HIS has been a long week, where the Executive and capital are engaged in mortal combat over exchange rates and pricing of goods. Capital has come out loud and clear saying the new monetary measures announced by President Emmerson Mnangagwa last Sunday would not work and they need to be set aside or the economy would implode. Is Mnangagwa ready to defend his policy position?
Last Saturday, Mnangagwa without prior warning addressed the nation. He decreed banks to temporarily stop processing new loans to government, companies and individuals. In addition, the President said stockbrokers could no longer use third-party accounts in settling trades and that public transport in urban areas would be re-opened to private players.
These are not easy times. The economy is in a tailspin, prices of basic commodities are spiking and the population is becoming restless. Worse still, a general election is just 12 months away. Mnangagwa had to act and he did act.
However, banks were the first off the blocks to say the new measures to rescue the economy were not feasible.
BancABC in an analysis which it immediately recanted after it was released revealed what the sector was thinking.
“Bank lending is the core function of the banks’ financial intermediation process. Banning lending activities will threaten the survival of banks as this will wipe out 20-50% of their incomes. Consequently, this could push banks to embark on risk/or non-permissible activities to compensate for loss of incomes,” the bank said.
One wonders what are those non-permissible activities that banks can engage in to compensate for loss of income.
The answer is not far. In the same analysis, the bank noted that 60% of financial institutions’ revenues came from non-interest income. This means most of their revenues do not come from lending money despite their claim that lending is a core function of the banks.
Banks are back to the former central bank governor Gideon Gono’s era of speculating, dabbling in forex exchange, buying land banks, investing in properties among other things. These are the things that bring 60% of their income.
The Zimbabwe National Chamber of Commerce in a separate analysis during the week admitted there were errant businesses, but they should be dealt with privately.
“We also strongly urge the bank (RBZ) to engage privately all errant business players who are abusing exchange control regulations in liaison with the Chamber to instil market discipline and inspire confidence,” the chamber said.
The Zimbabwe National Chamber of Commerce (ZNCC) does not believe that these errant players should be sanctioned for breaching regulations. It argues they should be rehabilitated privately, yet the chaos they are causing is wreaking havoc across the country.
That should be rich coming from the capital. They want to have their cake and eat it. They are not reformed, they are a law unto themselves.
The poor are on their own. Capital looks after itself.
In a rare interview with a daily newspaper Presidential spokesperson George Charamba managed to locate the problem.
“We have seen an upward trend in pricing both in local currency and United States dollars, which is supposed to be the anchor currency. What that does is to suggest there is more to the story than simply the relationship between the two currencies,” Charamba said.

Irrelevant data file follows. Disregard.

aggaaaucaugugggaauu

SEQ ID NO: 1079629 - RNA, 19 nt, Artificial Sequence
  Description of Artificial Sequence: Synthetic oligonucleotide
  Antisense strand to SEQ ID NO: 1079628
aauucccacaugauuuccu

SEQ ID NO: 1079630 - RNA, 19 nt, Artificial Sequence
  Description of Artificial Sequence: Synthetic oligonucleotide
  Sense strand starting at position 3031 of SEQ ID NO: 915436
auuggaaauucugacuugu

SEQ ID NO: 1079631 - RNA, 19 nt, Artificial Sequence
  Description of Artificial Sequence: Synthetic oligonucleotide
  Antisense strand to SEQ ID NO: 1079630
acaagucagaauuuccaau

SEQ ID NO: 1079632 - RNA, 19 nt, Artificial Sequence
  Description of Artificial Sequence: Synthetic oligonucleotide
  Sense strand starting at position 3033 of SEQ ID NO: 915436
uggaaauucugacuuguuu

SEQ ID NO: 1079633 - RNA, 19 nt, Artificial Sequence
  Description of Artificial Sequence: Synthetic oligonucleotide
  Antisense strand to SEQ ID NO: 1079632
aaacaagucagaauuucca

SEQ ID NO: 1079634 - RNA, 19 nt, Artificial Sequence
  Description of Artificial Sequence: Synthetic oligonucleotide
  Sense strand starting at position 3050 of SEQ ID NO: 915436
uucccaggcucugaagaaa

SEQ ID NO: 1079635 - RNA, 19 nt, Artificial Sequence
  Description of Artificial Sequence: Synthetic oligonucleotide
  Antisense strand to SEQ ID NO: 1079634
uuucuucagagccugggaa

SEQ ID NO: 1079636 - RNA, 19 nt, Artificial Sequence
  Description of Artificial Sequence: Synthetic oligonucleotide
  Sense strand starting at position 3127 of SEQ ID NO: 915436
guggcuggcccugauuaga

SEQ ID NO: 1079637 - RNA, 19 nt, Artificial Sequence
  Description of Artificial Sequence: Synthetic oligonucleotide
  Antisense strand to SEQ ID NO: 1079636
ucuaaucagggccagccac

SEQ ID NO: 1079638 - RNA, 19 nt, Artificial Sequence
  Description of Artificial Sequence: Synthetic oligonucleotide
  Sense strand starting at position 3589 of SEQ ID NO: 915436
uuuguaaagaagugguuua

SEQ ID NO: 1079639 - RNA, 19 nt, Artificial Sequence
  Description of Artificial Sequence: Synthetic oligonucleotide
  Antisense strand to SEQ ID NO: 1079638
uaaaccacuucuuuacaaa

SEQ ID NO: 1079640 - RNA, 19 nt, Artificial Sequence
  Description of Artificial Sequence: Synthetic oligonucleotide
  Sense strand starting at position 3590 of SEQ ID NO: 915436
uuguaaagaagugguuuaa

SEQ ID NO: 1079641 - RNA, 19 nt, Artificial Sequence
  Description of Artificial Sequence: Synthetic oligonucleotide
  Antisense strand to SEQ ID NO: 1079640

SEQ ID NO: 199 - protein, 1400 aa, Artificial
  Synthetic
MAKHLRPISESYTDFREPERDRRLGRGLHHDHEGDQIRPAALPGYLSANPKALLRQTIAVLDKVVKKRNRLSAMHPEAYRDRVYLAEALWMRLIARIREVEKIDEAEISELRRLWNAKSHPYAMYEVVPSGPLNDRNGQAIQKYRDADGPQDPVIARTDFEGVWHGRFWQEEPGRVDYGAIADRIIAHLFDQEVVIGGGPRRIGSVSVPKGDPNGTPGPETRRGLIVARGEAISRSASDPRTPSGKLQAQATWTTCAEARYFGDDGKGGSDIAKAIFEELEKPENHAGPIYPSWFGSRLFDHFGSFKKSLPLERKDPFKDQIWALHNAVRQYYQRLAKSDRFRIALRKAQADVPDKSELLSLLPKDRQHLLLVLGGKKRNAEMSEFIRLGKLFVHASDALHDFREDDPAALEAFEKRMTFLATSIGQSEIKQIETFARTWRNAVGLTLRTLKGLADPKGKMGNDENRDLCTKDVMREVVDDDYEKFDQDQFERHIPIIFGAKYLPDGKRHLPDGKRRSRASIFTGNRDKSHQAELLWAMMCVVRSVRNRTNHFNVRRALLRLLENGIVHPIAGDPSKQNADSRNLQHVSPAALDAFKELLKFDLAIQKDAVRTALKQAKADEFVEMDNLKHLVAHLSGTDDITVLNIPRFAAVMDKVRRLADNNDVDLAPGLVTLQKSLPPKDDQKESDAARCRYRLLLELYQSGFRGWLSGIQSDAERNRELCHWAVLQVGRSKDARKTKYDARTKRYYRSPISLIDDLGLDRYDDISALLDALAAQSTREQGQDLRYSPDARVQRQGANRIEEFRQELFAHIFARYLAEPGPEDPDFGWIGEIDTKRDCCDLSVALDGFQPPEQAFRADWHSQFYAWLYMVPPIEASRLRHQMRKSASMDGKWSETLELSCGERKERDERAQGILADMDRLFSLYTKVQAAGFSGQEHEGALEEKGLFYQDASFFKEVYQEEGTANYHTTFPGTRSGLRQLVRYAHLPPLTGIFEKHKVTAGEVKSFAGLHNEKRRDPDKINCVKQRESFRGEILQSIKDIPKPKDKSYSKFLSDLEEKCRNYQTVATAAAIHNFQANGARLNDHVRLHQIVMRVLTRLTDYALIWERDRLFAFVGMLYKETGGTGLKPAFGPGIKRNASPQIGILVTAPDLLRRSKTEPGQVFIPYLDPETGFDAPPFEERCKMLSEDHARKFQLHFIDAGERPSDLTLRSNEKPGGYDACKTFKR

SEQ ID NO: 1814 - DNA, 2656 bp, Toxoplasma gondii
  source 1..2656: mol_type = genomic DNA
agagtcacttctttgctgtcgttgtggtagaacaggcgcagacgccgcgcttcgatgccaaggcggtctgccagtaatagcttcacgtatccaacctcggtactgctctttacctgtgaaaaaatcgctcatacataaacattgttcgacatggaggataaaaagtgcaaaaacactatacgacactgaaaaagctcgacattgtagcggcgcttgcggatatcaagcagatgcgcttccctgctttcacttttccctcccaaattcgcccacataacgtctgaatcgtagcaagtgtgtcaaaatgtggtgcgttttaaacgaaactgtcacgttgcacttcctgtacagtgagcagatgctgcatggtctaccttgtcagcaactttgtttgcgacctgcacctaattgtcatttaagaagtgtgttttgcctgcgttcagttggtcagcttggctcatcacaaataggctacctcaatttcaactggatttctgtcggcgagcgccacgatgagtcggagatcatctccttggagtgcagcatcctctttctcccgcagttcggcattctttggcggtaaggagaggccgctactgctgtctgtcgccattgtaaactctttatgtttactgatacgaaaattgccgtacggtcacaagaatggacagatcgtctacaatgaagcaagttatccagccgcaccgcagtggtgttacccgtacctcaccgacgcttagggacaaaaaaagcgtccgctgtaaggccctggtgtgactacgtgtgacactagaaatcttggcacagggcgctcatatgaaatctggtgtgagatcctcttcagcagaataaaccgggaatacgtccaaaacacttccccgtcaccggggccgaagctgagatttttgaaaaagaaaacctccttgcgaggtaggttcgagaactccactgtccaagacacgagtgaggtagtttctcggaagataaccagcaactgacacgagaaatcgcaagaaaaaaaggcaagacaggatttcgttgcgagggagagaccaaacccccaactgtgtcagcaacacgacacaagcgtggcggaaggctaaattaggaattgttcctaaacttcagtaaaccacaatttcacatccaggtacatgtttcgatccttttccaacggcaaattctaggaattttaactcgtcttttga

He further posited that Zimbabwe’s economic structure was skewed and far from a perfect economy to be left to the whims of free market economics.
“Once you get to that level, you are now dealing with what we call the structure of the economy. My contention is that Zimbabwe is suffering from an imperfect market structure,” he said.
Charamba showed that he understood what has to be done when he suggested a solution: “Can you imagine what we can achieve by setting up a US$20 million fund to create new enterprises to make sure there is price stability and make sure that the consumer is protected?”
This is a complete departure from the free-market economics that Mnangagwa preached when he came into power via the November 2017 coup. Charamba implies that the State is willing to sponsor competition to the oligarchs. Or alternatively, there should be some sectors where the State should have vested interest like food processing and manufacturing industries so that the State protects the poor from the rapacious capitalists.
The big question is: Is Mnangagwa after dabbling in neoliberal economics ready to stare the beast of capitalism in the eye and tell it to go to hell or he will back down after some perfunctory censure of capital.
Will Mnangagwa fall into the trap of dealing with errant banks and businesses in private as advocated by the ZNCC and give the impression to the voters that he is a quisling when confronted by capital?
For once he has to grow a spine and stand up to capital. This is not new. In the United States and Western Europe they have antitrust laws that break up monopolies. There are some companies that are too big and need to be broken up to introduce competition so that the country is never held to ransom by a few men/women because they have money.
This is not a stroll in the park. How Mnangagwa deals with capital now will define his presidency. Will he want to be recognised as the President who acquiesced to capital and sold out the people or the man who stood for the majority poor?
As the late former President Robert Mugabe would say, these actions and positions need indoda sibili (real man). Now is the time Mnangagwa has to grow a spine or join the queue of self-preserving cowards.